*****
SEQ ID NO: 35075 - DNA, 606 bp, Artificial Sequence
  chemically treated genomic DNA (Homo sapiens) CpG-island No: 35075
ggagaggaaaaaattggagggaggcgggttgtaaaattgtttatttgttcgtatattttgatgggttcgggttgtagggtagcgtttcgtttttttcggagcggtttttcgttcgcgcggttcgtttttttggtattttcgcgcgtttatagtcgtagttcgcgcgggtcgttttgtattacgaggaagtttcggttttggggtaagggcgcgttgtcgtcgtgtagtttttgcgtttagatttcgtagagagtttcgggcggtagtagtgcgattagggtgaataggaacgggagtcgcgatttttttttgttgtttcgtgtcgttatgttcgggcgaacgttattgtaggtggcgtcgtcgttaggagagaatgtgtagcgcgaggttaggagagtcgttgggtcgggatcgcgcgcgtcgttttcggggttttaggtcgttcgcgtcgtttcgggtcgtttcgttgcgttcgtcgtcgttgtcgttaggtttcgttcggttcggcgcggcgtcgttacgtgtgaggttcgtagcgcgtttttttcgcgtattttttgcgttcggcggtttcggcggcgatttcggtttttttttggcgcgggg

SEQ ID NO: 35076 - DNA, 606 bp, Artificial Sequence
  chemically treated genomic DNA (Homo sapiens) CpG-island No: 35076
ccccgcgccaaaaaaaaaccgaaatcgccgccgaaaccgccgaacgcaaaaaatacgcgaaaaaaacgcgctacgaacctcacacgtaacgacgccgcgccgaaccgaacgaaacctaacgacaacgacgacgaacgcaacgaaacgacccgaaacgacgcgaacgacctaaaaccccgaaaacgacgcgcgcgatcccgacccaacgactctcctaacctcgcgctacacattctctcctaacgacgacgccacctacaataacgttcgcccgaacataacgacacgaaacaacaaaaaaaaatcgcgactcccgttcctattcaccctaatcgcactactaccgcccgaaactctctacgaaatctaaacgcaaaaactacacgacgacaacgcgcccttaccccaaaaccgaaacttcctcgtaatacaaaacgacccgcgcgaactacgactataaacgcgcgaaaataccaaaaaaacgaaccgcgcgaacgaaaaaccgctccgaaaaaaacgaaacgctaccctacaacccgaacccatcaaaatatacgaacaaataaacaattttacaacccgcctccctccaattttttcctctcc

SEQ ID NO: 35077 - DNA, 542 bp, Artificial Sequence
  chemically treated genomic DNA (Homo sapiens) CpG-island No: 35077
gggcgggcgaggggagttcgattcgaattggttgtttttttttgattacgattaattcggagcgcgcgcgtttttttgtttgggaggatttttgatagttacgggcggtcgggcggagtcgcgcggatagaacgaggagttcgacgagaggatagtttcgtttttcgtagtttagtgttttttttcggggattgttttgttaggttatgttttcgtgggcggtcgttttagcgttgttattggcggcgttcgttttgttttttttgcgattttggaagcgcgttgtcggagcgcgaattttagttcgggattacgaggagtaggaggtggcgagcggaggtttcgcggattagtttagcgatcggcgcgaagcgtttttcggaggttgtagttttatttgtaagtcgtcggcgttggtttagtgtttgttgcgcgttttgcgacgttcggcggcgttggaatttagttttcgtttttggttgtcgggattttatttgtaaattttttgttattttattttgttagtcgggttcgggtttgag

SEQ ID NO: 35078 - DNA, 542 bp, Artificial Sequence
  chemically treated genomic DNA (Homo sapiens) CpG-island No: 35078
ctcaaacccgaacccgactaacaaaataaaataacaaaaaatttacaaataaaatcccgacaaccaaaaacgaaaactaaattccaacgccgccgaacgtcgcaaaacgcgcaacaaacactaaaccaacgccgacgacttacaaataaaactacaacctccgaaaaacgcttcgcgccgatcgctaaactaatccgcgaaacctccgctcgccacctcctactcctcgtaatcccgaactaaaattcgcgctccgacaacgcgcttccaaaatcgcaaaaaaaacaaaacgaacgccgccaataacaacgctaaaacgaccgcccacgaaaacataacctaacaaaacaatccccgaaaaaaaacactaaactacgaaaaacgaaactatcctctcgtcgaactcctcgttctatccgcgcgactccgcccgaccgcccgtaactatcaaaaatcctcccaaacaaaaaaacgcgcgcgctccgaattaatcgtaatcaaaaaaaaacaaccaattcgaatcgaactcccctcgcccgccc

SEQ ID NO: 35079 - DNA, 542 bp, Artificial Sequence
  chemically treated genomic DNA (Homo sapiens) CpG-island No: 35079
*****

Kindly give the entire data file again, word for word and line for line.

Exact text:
SEQ ID NO: 35075 - DNA, 606 bp, Artificial Sequence
  chemically treated genomic DNA (Homo sapiens) CpG-island No: 35075
ggagaggaaaaaattggagggaggcgggttgtaaaattgtttatttgttcgtatattttgatgggttcgggttgtagggtagcgtttcgtttttttcggagcggtttttcgttcgcgcggttcgtttttttggtattttcgcgcgtttatagtcgtagttcgcgcgggtcgttttgtattacgaggaagtttcggttttggggtaagggcgcgttgtcgtcgtgtagtttttgcgtttagatttcgtagagagtttcgggcggtagtagtgcgattagggtgaataggaacgggagtcgcgatttttttttgttgtttcgtgtcgttatgttcgggcgaacgttattgtaggtggcgtcgtcgttaggagagaatgtgtagcgcgaggttaggagagtcgttgggtcgggatcgcgcgcgtcgttttcggggttttaggtcgttcgcgtcgtttcgggtcgtttcgttgcgttcgtcgtcgttgtcgttaggtttcgttcggttcggcgcggcgtcgttacgtgtgaggttcgtagcgcgtttttttcgcgtattttttgcgttcggcggtttcggcggcgatttcggtttttttttggcgcgggg

SEQ ID NO: 35076 - DNA, 606 bp, Artificial Sequence
  chemically treated genomic DNA (Homo sapiens) CpG-island No: 35076
ccccgcgccaaaaaaaaaccgaaatcgccgccgaaaccgccgaacgcaaaaaatacgcgaaaaaaacgcgctacgaacctcacacgtaacgacgccgcgccgaaccgaacgaaacctaacgacaacgacgacgaacgcaacgaaacgacccgaaacgacgcgaacgacctaaaaccccgaaaacgacgcgcgcgatcccgacccaacgactctcctaacctcgcgctacacattctctcctaacgacgacgccacctacaataacgttcgcccgaacataacgacacgaaacaacaaaaaaaaatcgcgactcccgttcctattcaccctaatcgcactactaccgcccgaaactctctacgaaatctaaacgcaaaaactacacgacgacaacgcgcccttaccccaaaaccgaaacttcctcgtaatacaaaacgacccgcgcgaactacgactataaacgcgcgaaaataccaaaaaaacgaaccgcgcgaacgaaaaaccgctccgaaaaaaacgaaacgctaccctacaacccgaacccatcaaaatatacgaacaaataaacaattttacaacccgcctccctccaattttttcctctcc

SEQ ID NO: 35077 - DNA, 542 bp, Artificial Sequence
  chemically treated genomic DNA (Homo sapiens) CpG-island No: 35077
gggcgggcgaggggagttcgattcgaattggttgtttttttttgattacgattaattcggagcgcgcgcgtttttttgtttgggaggatttttgatagttacgggcggtcgggcggagtcgcgcggatagaacgaggagttcgacgagaggatagtttcgtttttcgtagtttagtgttttttttcggggattgttttgttaggttatgttttcgtgggcggtcgttttagcgttgttattggcggcgttcgttttgttttttttgcgattttggaagcgcgttgtcggagcgcgaattttagttcgggattacgaggagtaggaggtggcgagcggaggtttcgcggattagtttagcgatcggcgcgaagcgtttttcggaggttgtagttttatttgtaagtcgtcggcgttggtttagtgtttgttgcgcgttttgcgacgttcggcggcgttggaatttagttttcgtttttggttgtcgggattttatttgtaaattttttgttattttattttgttagtcgggttcgggtttgag

SEQ ID NO: 35078 - DNA, 542 bp, Artificial Sequence
  chemically treated genomic DNA (Homo sapiens) CpG-island No: 35078
ctcaaacccgaacccgactaacaaaataaaataacaaaaaatttacaaataaaatcccgacaaccaaaaacgaaaactaaattccaacgccgccgaacgtcgcaaaacgcgcaacaaacactaaaccaacgccgacgacttacaaataaaactacaacctccgaaaaacgcttcgcgccgatcgctaaactaatccgcgaaacctccgctcgccacctcctactcctcgtaatcccgaactaaaattcgcgctccgacaacgcgcttccaaaatcgcaaaaaaaacaaaacgaacgccgccaataacaacgctaaaacgaccgcccacgaaaacataacctaacaaaacaatccccgaaaaaaaacactaaactacgaaaaacgaaactatcctctcgtcgaactcctcgttctatccgcgcgactccgcccgaccgcccgtaactatcaaaaatcctcccaaacaaaaaaacgcgcgcgctccgaattaatcgtaatcaaaaaaaaacaaccaattcgaatcgaactcccctcgcccgccc

SEQ ID NO: 35079 - DNA, 542 bp, Artificial Sequence
  chemically treated genomic DNA (Homo sapiens) CpG-island No: 35079